Everybody wants to think that their telephone service is secure. While the security of phone communications has always been a concern for users and service providers alike, it has become an even bigger one in the Internet and VoIP era, and the recent events involving the NSA are more proof of the complexity and sensitivity of this issue.
SIP is the most widely used signalling communications protocol for controlling voice calls over Internet Protocol networks. But what do we mean by “secure”, and what is a reasonable benchmark of adequate security?
A good starting point for thinking about SIP security might be that we want to:
- maintain confidentiality
- assure integrity
- guarantee service availability (including Quality of Service)
Confidentiality obviously includes the idea that only the intended participants, the calling and the called parties, should be able to listen in to the call. You probably don’t want third parties listening to your calls, or having your calls recorded without your consent. But confidentiality may also go beyond this to include maintaining some privacy about who you are calling, how much personal information you expose, what your calling patterns are, and so on.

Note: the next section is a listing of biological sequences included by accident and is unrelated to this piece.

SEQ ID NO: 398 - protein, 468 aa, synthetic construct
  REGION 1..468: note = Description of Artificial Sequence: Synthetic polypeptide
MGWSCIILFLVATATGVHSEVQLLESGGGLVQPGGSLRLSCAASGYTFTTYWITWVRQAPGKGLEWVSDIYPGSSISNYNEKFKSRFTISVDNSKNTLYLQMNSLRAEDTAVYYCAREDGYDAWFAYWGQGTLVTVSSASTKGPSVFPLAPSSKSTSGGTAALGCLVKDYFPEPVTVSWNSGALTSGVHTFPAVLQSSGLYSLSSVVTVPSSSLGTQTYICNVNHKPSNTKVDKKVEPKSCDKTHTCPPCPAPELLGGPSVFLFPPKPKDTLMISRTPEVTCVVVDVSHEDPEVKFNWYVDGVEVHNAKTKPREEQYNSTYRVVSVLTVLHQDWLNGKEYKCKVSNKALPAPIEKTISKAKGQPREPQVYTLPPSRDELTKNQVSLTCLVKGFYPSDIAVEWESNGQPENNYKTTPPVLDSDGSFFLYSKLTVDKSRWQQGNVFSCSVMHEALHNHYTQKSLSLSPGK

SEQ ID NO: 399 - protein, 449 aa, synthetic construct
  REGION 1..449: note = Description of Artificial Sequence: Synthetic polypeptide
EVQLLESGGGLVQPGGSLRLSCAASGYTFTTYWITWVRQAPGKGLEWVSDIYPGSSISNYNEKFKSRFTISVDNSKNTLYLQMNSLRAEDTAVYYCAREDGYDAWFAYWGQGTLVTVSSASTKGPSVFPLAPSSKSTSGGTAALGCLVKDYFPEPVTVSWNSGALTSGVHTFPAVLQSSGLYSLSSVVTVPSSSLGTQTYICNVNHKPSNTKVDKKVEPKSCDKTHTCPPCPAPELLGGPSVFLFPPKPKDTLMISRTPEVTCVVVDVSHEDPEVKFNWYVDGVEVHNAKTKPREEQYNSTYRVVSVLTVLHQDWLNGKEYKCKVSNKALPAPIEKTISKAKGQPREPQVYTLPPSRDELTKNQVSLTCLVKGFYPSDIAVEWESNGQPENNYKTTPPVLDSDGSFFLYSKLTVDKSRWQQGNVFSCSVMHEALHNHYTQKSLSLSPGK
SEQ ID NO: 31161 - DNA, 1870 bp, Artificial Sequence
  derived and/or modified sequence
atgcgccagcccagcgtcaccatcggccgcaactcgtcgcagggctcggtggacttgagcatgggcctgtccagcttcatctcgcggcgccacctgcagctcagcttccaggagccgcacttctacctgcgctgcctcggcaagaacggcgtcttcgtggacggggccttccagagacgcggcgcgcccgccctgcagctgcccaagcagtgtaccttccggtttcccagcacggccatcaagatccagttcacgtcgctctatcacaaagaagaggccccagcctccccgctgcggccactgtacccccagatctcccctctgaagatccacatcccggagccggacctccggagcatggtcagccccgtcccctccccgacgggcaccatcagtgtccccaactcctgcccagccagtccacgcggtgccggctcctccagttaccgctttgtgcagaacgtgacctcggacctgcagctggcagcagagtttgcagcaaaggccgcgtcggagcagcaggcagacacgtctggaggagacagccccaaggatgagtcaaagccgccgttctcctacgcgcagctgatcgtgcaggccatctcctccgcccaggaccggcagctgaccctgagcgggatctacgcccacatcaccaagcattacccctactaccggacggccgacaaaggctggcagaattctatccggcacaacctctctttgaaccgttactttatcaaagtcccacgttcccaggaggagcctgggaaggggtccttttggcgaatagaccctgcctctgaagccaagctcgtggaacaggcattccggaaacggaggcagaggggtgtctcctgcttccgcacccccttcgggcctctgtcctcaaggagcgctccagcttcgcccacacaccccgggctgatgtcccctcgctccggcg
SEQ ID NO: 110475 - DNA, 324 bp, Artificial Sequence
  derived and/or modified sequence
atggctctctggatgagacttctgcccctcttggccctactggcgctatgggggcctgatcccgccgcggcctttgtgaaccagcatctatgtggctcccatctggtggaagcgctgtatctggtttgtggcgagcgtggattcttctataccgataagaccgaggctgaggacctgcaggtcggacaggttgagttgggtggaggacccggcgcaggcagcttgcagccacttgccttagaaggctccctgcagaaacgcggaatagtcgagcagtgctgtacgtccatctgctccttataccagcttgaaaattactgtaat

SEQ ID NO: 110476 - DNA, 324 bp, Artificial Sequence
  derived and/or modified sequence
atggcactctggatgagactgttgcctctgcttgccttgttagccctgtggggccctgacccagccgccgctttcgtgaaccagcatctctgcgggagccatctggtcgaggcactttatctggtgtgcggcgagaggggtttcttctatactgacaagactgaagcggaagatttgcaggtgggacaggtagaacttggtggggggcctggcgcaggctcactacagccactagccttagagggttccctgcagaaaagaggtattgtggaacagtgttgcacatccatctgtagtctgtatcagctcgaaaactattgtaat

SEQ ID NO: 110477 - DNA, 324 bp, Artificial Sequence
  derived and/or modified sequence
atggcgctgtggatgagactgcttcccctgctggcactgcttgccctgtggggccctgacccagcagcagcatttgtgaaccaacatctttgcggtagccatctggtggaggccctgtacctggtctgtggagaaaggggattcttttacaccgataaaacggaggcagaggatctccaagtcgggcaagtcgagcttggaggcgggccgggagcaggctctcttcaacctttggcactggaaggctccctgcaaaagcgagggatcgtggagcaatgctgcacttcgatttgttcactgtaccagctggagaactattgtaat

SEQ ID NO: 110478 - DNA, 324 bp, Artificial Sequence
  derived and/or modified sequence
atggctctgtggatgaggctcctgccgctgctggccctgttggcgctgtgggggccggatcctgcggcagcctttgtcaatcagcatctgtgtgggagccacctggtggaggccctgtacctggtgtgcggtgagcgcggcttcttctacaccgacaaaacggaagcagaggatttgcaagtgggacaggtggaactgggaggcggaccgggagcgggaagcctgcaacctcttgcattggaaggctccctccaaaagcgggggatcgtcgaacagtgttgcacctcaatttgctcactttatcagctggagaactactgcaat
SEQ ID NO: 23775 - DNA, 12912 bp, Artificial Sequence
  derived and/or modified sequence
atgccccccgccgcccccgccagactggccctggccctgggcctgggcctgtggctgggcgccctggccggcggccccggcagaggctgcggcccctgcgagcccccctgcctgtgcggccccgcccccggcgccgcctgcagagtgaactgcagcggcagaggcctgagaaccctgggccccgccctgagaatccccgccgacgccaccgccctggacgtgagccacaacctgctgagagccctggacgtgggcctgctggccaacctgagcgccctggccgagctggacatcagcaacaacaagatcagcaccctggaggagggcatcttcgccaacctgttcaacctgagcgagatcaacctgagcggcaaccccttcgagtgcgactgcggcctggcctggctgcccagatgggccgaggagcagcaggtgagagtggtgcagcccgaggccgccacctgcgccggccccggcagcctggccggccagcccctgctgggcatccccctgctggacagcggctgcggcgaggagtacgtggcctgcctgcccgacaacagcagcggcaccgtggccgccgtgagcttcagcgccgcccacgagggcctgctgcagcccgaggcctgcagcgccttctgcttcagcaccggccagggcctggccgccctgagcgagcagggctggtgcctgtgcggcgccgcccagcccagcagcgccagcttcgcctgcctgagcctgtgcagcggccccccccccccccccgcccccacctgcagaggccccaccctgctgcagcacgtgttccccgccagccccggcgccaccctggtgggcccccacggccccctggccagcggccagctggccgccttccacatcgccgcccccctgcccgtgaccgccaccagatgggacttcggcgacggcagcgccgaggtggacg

Integrity has to do with being certain that the call participants are who you think they are. You want to be confident that, for instance, when calling your IT support line or telephone banking line, you are not being connected with someone masquerading as those roles (“At the tone, please enter your account number followed by your password”).
Service availability includes the prevention of denial of service attacks, but it would also encompass the prevention of unauthorized access, where, for instance, system resources are being used by third parties for unauthorized purposes, including toll fraud. It could also reasonably include the preservation of expected levels of service and quality.
A further question that is worth thinking about is “Secure as compared with what?”. A reasonable benchmark for comparing the security of SIP-based VoIP telephony might be that of Plain Old Telephony Service (“POTS”). POTS set the bar very high for service availability, although a determined attacker could create a short-term denial-of-service attack by call “flooding” (having many callers target one particular endpoint). Similarly, POTS delivered a high level of call integrity – endpoints were known, as billing tended to validate them and systems usually required physical access for changes to their configuration settings. Confidentiality was reasonably-well assured, although operators, receptionists, and others might still have access to calls involving others.
How Does SIP Telephony Compare?
In the absence of security measures, a SIP system may be vulnerable to many threats:
Registration Hijacking: An attacker can appear to be someone they aren’t; your calls may be transparently re-directed to the wrong place
Snooping: Your calls may go to the right place, but unauthorized third parties can listen in on your conversations (or Fax transmissions…)